But the other contains the Internet. When the debate over a fair “compromise” on the military was being conducted in 1993, the future influence of the Internet and search engines was hardly known. In the middle 1990s, some discharges occurred because of “telling” on the Internet, as with AOL profiles (predecessors to today’s social networking sites). Any reasonable Clintonian “honorable compromise” policy at the time, if the Internet had been factored in, would have probably prohibited public statements of homosexual orientation or intention on the Internet (I don’t recall seeing that in the 1994 regs), but that then raises the basic “unfairness” that straight people can talk about their lives publicly, and of course, and to my surprise, soldiers are often allowed to blog from Iraq about combat. I would have thought that military service would require a “blogging policy” commensurate with the issues that military services raises. Perhaps such a policy would preclude open blogging (in areas accessible to search engines) by everyone in uniform, and would require other approved channels for battlefield journalism to reach the states. This is a tough one.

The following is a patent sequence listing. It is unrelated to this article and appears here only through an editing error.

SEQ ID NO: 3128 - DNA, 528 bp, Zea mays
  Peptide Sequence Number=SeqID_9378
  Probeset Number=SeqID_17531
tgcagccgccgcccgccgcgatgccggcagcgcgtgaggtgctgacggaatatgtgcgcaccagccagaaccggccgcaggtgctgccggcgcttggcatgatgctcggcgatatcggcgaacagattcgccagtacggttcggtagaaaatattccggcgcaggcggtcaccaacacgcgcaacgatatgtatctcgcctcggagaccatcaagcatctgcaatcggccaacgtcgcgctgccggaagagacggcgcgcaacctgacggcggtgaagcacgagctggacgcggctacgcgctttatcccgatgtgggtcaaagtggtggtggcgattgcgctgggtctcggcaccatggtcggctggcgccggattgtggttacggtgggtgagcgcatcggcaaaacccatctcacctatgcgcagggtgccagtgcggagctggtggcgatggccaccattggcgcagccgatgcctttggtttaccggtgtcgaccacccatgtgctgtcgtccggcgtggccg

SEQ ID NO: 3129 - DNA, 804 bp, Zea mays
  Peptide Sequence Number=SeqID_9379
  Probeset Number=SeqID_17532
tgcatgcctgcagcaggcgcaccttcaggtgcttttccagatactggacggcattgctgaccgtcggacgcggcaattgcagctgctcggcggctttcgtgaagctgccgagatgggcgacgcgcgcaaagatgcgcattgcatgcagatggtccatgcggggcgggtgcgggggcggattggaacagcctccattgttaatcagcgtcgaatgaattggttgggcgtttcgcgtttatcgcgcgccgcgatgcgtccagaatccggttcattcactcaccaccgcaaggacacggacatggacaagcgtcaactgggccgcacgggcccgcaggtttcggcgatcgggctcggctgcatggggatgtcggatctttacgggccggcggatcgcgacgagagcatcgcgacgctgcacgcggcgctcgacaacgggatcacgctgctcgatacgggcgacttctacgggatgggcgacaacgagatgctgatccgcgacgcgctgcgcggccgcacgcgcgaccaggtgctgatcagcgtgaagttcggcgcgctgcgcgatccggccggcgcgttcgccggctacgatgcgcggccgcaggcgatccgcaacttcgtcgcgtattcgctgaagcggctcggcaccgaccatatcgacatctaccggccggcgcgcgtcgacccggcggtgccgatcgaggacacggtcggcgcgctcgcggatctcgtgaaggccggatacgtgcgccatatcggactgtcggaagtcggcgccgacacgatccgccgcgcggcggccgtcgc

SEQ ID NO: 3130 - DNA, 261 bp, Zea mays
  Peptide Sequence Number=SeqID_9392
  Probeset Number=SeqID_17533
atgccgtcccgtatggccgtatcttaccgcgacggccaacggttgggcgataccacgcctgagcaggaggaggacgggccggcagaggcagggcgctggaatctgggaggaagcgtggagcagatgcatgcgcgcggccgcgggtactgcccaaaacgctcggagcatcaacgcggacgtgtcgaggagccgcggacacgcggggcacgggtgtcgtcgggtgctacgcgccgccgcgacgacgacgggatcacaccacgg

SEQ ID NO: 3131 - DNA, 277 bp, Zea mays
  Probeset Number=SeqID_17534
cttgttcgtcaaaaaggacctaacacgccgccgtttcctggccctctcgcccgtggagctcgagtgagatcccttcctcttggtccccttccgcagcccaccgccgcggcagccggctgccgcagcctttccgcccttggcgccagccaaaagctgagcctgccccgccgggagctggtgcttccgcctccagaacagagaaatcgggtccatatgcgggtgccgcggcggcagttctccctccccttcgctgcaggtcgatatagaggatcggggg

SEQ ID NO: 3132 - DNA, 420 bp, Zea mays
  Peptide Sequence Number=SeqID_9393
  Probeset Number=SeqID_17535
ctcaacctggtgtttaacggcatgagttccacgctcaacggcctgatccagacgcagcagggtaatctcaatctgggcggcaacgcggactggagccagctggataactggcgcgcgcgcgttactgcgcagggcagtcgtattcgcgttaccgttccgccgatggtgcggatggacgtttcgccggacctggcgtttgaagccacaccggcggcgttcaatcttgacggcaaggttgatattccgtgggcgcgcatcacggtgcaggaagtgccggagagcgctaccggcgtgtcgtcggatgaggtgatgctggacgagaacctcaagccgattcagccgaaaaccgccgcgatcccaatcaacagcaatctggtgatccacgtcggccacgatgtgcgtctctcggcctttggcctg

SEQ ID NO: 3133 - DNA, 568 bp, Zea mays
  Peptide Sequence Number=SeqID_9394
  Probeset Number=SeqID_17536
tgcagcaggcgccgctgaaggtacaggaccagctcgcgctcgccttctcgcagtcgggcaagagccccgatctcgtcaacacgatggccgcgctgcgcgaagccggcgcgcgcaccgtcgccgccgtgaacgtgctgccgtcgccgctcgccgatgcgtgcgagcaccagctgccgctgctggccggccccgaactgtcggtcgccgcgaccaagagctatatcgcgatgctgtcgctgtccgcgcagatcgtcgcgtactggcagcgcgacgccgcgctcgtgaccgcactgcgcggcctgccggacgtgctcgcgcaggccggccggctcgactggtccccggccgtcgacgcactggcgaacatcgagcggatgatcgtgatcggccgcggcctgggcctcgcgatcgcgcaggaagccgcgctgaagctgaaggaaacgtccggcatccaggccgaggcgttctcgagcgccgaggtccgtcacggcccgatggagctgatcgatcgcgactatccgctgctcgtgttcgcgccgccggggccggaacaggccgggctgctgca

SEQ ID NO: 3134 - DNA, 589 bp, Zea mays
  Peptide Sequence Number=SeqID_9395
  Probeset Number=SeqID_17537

At various times, states have tried to ban gays from other occupations. California tried it with teachers in 1978 (the Briggs Initiative), and Washington did in 1986. In 1983 (in the wake of the new AIDS epidemic), Texas considered a bill (Ceverha) that tried to strengthen the sodomy law and contained this language: “It is against the public policy of this state for persons who commit homosexual conduct to be employed in positions of public trust and responsibility.”

The bottom line today for me, at least, with this untidy problem is this: for me to take a job that risks this kind of involuntary intimate contact with others (particularly minors), I need to see the current DADT law repealed or at least replaced by a policy that is more limited and reasonable, and not malignant and slanderous. Call this a "strike" or a strange form of "solidarity" if you like. I have said this before online, school officials have found it; and, yes, the idea caused them consternation.